variety of reasons to not take action. For example, we know what to
do about lead based paint but do not employ the resources.

An important element of the precautionary principle is that the
proponents of an activity must take responsibility to demonstrate that
their chemical or product is safe and effective. Those who benefit
from the activity must assume responsibility for the harm their
product might cause. We have applied this concept successfully in
drug development and we could easily apply this experience to
industrial chemicals.


The precautionary principle is a reasonable, rational, and responsible
approach to protecting the health and potential of our children. The
most critical question is -- What policy approach do we adapt to
protect future generations -- our children's children? The current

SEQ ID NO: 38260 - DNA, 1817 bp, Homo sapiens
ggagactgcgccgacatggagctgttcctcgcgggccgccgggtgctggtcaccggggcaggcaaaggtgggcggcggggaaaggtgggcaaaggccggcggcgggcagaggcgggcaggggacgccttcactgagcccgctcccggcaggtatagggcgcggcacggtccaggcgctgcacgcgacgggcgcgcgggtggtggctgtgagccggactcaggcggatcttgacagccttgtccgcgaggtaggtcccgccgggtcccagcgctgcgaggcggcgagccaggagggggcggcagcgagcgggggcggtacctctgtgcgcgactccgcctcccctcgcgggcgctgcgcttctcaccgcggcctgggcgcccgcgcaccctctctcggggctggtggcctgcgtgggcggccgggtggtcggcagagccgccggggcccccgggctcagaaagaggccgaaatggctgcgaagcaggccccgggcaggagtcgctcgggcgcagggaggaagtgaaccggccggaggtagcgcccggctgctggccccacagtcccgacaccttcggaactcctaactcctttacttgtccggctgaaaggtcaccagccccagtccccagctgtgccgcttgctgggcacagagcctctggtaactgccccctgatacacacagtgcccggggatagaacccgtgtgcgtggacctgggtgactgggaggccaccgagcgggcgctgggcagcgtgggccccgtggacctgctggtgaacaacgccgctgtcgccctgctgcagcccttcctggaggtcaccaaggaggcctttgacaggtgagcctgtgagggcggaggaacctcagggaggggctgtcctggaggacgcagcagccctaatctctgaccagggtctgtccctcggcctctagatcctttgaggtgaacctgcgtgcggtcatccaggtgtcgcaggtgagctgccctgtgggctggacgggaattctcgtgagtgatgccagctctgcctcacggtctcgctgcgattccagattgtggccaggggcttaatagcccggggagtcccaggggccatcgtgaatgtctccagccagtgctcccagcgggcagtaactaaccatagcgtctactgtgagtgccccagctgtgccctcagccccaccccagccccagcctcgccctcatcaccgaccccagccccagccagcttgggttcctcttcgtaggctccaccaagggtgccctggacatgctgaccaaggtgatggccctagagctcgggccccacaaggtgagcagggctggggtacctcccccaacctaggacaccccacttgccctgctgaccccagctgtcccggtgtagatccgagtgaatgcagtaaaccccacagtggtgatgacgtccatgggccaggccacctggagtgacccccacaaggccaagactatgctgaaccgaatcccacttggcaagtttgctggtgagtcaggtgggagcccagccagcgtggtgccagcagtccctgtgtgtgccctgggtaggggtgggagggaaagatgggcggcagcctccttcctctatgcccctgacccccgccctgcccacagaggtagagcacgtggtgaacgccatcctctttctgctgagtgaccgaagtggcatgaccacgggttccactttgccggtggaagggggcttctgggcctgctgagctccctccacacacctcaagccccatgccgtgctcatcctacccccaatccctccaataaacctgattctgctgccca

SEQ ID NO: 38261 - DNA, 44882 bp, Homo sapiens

system of evaluating the safety of industrial chemicals is clearly not
working. The precautionary principle offers a more comprehensive
approach to ensuring quality human and environmental health by
employing a series of elements that engage all stakeholders. The
precautionary principle is an evolutionary not a revolutionary
approach to our decision-making processes.

* * *

(Able to discourse or discuss matters; ready of tongue or
speech; sensible; common sense; sound judgment)[6]:
** Comprehensive and inclusive decision making approach
** Brings stakeholders together
** Emphasizes prevention rather than treatment
** Encourages sharing of information
** Considers future generations of humans and other species

(Having the faculty of reasoning; endowed with reason;